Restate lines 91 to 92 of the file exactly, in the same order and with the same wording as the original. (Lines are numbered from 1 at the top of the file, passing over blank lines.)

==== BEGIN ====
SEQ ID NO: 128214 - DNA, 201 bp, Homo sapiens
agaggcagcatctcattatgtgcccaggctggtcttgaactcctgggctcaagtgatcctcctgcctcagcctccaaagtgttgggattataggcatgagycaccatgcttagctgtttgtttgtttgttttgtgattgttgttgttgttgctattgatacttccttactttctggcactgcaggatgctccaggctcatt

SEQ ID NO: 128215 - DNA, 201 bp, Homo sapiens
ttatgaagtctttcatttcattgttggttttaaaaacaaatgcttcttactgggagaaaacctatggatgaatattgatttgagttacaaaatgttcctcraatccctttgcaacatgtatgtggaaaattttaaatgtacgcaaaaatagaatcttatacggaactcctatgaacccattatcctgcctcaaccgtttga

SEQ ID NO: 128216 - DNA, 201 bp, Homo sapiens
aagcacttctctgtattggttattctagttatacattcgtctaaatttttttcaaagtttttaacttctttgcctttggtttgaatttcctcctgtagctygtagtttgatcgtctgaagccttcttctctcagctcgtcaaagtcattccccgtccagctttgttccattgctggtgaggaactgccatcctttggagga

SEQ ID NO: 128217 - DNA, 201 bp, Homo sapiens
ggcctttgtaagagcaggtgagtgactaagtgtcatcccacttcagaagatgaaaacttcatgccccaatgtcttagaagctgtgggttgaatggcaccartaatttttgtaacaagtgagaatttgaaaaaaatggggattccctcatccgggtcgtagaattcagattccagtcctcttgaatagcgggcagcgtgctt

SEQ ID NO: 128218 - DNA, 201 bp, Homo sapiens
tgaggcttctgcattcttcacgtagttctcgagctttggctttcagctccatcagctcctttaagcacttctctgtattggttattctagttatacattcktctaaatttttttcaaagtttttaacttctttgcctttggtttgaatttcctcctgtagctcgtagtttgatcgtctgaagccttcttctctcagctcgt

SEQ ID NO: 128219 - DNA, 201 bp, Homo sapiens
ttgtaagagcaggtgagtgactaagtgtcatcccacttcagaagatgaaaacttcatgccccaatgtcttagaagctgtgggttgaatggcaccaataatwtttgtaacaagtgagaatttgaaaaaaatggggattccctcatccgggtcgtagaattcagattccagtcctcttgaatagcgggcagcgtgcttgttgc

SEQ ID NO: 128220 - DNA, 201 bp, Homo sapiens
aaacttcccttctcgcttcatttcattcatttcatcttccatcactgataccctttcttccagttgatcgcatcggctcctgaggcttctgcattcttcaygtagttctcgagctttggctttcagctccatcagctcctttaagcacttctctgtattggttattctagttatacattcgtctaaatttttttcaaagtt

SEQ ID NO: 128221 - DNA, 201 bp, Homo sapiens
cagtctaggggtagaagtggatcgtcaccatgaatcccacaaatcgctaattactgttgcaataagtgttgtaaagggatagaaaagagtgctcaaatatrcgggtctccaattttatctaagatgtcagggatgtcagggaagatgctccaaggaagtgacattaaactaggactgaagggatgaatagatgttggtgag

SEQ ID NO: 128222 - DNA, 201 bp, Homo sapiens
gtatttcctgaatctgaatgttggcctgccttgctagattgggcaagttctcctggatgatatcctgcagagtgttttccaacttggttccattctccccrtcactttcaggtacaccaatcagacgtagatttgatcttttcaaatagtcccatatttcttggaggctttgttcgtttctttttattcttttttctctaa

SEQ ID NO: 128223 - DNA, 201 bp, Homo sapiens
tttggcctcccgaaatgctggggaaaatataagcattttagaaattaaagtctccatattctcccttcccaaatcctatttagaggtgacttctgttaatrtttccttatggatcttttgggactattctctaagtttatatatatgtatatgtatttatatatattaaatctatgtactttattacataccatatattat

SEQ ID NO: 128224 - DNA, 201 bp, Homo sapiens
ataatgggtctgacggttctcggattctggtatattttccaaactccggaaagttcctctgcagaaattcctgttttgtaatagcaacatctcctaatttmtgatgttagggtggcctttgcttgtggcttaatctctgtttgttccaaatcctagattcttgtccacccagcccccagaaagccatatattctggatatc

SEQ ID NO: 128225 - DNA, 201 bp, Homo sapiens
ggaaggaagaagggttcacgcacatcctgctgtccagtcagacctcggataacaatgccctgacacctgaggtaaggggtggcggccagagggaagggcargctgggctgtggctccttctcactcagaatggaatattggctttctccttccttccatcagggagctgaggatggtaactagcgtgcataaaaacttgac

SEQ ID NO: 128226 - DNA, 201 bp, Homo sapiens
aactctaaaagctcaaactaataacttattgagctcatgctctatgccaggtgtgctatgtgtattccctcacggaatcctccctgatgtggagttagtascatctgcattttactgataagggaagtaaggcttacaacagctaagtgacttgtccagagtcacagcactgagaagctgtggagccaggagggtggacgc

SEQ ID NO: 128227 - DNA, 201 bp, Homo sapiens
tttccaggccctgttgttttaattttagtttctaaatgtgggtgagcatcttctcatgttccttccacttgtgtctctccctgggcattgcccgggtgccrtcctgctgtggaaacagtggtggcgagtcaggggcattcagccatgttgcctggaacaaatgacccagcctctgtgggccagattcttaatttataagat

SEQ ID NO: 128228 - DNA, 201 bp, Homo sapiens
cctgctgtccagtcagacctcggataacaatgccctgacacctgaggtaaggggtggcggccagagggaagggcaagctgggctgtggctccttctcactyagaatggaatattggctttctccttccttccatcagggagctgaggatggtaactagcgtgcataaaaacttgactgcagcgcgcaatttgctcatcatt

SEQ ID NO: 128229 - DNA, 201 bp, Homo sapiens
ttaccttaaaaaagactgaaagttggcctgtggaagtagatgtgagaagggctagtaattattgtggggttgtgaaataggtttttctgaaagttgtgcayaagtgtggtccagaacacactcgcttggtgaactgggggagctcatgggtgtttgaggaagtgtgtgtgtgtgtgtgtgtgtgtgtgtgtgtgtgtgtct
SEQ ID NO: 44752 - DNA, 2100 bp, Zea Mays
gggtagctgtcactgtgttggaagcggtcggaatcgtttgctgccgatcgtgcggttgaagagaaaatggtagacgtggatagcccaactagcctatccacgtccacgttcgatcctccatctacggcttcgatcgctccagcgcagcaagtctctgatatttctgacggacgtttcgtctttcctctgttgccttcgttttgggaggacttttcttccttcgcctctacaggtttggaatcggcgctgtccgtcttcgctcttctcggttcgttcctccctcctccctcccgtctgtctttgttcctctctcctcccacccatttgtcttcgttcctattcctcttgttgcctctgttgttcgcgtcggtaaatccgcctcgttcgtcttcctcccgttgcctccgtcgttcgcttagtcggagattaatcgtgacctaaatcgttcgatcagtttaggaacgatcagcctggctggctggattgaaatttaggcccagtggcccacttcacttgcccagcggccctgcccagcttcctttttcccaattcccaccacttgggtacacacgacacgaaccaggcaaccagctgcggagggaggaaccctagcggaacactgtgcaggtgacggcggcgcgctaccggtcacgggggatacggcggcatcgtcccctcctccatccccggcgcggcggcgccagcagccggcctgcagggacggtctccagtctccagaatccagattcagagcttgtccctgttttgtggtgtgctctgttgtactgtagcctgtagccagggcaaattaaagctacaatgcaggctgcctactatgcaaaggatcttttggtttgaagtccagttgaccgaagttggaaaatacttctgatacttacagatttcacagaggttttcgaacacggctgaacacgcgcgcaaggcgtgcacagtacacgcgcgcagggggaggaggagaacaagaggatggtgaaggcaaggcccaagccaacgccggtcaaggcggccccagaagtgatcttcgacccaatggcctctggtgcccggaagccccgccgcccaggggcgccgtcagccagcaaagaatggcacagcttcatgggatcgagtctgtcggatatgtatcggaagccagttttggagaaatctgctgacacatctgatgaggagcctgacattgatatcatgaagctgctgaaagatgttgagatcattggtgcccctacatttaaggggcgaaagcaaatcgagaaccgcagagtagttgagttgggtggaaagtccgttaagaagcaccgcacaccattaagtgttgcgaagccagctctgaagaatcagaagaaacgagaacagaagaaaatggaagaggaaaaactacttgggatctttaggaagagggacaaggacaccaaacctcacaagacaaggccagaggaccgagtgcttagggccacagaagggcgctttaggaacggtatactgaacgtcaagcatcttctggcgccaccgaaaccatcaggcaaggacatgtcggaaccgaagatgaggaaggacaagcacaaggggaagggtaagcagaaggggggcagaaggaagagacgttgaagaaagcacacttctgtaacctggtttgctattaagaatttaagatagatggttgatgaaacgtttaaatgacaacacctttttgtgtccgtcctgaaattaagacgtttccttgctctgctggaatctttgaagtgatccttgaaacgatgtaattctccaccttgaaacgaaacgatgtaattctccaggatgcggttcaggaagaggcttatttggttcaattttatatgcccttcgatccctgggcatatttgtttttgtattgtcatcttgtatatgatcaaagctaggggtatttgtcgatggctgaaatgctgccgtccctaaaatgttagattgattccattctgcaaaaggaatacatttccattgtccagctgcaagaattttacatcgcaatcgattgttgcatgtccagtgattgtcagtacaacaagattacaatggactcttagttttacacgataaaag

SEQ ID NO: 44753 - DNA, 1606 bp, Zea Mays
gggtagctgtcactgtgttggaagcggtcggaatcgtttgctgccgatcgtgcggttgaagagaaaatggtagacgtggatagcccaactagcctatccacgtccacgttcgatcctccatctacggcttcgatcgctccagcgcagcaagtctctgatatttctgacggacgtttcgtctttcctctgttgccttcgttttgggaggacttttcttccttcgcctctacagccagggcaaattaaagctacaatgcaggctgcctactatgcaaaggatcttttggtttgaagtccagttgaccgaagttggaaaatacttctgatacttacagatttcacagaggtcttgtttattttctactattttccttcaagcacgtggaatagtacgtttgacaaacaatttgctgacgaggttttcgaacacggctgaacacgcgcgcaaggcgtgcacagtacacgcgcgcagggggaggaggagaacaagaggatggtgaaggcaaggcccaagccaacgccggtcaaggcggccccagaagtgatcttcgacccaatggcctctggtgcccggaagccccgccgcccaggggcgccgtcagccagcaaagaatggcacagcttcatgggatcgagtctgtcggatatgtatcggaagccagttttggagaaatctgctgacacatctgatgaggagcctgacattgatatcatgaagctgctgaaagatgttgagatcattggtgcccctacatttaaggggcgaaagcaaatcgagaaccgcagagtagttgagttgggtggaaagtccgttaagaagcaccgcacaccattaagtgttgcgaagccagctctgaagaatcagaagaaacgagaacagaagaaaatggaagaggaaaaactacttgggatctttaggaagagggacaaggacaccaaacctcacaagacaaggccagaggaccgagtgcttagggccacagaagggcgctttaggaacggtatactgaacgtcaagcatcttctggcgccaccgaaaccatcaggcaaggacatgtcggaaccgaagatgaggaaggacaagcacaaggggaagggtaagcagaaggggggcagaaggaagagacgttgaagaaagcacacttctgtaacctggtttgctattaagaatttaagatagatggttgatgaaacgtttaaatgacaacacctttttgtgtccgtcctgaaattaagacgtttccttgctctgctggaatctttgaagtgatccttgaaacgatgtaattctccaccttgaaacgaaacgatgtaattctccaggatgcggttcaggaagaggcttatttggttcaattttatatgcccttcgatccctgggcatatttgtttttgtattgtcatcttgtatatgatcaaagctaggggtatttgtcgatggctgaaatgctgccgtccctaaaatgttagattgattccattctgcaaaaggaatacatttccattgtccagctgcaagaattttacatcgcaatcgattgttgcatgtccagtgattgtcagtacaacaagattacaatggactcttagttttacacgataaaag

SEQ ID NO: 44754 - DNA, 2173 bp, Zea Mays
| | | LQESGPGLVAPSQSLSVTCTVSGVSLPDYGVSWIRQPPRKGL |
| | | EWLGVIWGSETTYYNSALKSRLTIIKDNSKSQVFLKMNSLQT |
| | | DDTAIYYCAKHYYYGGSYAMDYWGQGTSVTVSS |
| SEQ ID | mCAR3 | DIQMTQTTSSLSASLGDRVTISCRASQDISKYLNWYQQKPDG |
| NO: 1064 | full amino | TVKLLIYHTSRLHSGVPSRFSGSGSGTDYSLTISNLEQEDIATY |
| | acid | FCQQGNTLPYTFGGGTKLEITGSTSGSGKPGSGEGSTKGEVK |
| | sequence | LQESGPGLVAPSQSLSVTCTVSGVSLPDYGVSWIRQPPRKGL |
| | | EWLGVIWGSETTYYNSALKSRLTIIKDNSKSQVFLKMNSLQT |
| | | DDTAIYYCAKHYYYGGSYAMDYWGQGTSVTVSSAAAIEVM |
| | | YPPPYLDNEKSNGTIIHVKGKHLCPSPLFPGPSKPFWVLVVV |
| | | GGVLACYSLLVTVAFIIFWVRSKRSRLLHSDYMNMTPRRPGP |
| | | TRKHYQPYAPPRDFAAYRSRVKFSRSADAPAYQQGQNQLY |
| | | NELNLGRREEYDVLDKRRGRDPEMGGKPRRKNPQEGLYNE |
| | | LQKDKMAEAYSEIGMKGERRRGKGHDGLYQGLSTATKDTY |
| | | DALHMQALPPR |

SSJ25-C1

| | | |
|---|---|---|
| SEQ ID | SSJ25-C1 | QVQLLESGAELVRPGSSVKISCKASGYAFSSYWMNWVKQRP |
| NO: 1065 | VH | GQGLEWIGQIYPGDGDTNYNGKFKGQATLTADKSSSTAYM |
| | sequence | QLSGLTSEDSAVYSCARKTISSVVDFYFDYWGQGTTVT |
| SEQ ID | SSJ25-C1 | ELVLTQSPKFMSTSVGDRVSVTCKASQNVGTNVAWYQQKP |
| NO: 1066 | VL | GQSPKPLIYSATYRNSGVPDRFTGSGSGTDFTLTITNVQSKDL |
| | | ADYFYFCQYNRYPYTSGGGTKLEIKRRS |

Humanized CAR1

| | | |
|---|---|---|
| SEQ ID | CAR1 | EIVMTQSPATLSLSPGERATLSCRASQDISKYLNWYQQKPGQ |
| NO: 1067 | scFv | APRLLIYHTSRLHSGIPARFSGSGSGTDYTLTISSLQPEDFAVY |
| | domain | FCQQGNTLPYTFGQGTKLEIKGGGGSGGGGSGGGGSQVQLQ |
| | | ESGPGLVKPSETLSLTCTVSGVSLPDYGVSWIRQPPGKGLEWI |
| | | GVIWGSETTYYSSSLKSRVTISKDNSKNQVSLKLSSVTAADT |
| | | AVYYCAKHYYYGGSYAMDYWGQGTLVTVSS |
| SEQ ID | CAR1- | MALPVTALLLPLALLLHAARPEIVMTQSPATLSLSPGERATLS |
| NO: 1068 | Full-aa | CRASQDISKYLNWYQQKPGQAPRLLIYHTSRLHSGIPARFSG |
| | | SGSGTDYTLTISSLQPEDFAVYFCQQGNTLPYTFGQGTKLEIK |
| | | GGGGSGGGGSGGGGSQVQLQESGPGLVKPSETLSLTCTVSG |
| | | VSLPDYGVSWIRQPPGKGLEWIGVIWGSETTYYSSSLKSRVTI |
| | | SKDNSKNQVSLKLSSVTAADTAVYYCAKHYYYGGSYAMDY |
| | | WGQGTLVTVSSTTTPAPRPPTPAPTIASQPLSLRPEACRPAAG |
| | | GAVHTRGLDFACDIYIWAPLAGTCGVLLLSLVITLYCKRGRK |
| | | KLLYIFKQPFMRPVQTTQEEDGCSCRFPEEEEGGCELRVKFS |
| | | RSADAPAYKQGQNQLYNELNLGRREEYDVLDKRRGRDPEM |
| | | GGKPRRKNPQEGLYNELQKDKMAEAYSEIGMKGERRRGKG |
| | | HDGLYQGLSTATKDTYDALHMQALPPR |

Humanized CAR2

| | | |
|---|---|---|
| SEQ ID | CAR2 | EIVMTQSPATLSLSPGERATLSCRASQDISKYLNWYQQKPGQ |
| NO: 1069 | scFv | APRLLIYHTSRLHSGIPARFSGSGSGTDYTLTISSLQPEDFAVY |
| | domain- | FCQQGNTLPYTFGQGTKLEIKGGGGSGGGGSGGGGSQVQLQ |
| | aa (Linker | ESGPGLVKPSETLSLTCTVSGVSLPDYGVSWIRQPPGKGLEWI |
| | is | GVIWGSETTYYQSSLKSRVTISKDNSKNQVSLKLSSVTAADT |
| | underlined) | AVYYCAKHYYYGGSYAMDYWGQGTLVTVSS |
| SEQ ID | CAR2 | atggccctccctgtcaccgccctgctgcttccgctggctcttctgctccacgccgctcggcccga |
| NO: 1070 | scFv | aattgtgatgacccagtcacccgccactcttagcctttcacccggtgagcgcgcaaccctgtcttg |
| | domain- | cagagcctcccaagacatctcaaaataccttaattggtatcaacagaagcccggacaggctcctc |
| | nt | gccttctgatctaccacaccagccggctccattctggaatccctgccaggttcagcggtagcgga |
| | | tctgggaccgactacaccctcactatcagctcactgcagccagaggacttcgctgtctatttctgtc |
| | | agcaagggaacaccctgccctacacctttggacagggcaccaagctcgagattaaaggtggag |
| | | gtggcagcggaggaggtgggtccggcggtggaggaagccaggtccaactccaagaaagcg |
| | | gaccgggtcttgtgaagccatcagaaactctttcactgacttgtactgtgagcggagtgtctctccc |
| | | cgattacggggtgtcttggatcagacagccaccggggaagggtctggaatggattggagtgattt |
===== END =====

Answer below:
| | underlined) | AVYYCAKHYYYGGSYAMDYWGQGTLVTVSS |
| SEQ ID | CAR2 | atggccctccctgtcaccgccctgctgcttccgctggctcttctgctccacgccgctcggcccga |